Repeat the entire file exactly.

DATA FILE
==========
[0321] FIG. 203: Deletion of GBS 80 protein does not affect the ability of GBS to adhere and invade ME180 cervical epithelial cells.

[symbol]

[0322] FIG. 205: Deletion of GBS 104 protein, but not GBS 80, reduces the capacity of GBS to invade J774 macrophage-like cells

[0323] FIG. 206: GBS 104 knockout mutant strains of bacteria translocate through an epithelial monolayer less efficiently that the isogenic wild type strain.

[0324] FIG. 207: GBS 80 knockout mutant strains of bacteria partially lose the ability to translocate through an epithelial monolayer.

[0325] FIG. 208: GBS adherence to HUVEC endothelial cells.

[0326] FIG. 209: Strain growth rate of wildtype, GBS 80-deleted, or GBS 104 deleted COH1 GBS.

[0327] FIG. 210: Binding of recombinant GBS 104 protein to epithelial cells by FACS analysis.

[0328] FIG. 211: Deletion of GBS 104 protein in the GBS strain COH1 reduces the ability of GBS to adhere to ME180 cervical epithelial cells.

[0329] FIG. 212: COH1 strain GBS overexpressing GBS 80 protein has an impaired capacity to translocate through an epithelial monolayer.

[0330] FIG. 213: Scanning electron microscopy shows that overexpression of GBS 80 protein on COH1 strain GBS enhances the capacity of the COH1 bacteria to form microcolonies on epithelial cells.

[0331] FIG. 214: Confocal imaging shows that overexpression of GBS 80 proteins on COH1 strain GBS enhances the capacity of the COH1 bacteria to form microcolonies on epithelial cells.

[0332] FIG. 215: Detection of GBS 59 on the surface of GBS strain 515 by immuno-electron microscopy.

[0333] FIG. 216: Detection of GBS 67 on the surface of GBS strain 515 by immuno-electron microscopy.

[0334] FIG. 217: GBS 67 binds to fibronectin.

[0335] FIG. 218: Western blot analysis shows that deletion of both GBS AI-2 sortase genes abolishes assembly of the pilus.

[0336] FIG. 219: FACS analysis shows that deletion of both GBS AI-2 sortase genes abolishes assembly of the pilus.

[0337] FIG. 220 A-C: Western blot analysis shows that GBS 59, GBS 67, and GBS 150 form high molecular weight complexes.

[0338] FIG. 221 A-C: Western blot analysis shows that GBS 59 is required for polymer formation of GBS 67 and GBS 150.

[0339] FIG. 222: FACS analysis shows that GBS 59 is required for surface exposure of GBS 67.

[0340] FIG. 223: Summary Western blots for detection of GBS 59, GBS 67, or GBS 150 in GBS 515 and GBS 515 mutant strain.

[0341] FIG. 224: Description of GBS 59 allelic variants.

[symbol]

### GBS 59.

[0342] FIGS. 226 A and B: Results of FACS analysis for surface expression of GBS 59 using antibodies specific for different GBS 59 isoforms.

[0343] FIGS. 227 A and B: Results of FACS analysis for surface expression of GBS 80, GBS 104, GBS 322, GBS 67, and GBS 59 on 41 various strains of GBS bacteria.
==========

[0321] FIG. 203: Deletion of GBS 80 protein does not affect the ability of GBS to adhere and invade ME180 cervical epithelial cells.

[symbol]

[0322] FIG. 205: Deletion of GBS 104 protein, but not GBS 80, reduces the capacity of GBS to invade J774 macrophage-like cells

[0323] FIG. 206: GBS 104 knockout mutant strains of bacteria translocate through an epithelial monolayer less efficiently that the isogenic wild type strain.

[0324] FIG. 207: GBS 80 knockout mutant strains of bacteria partially lose the ability to translocate through an epithelial monolayer.

[0325] FIG. 208: GBS adherence to HUVEC endothelial cells.

[0326] FIG. 209: Strain growth rate of wildtype, GBS 80-deleted, or GBS 104 deleted COH1 GBS.

[0327] FIG. 210: Binding of recombinant GBS 104 protein to epithelial cells by FACS analysis.

[0328] FIG. 211: Deletion of GBS 104 protein in the GBS strain COH1 reduces the ability of GBS to adhere to ME180 cervical epithelial cells.

[0329] FIG. 212: COH1 strain GBS overexpressing GBS 80 protein has an impaired capacity to translocate through an epithelial monolayer.

[0330] FIG. 213: Scanning electron microscopy shows that overexpression of GBS 80 protein on COH1 strain GBS enhances the capacity of the COH1 bacteria to form microcolonies on epithelial cells.

[0331] FIG. 214: Confocal imaging shows that overexpression of GBS 80 proteins on COH1 strain GBS enhances the capacity of the COH1 bacteria to form microcolonies on epithelial cells.

[0332] FIG. 215: Detection of GBS 59 on the surface of GBS strain 515 by immuno-electron microscopy.

[0333] FIG. 216: Detection of GBS 67 on the surface of GBS strain 515 by immuno-electron microscopy.

[0334] FIG. 217: GBS 67 binds to fibronectin.

[0335] FIG. 218: Western blot analysis shows that deletion of both GBS AI-2 sortase genes abolishes assembly of the pilus.

[0336] FIG. 219: FACS analysis shows that deletion of both GBS AI-2 sortase genes abolishes assembly of the pilus.

[0337] FIG. 220 A-C: Western blot analysis shows that GBS 59, GBS 67, and GBS 150 form high molecular weight complexes.

[0338] FIG. 221 A-C: Western blot analysis shows that GBS 59 is required for polymer formation of GBS 67 and GBS 150.

[0339] FIG. 222: FACS analysis shows that GBS 59 is required for surface exposure of GBS 67.

[0340] FIG. 223: Summary Western blots for detection of GBS 59, GBS 67, or GBS 150 in GBS 515 and GBS 515 mutant strain.

[0341] FIG. 224: Description of GBS 59 allelic variants.

[symbol]

### GBS 59.

[0342] FIGS. 226 A and B: Results of FACS analysis for surface expression of GBS 59 using antibodies specific for different GBS 59 isoforms.

[0343] FIGS. 227 A and B: Results of FACS analysis for surface expression of GBS 80, GBS 104, GBS 322, GBS 67, and GBS 59 on 41 various strains of GBS bacteria.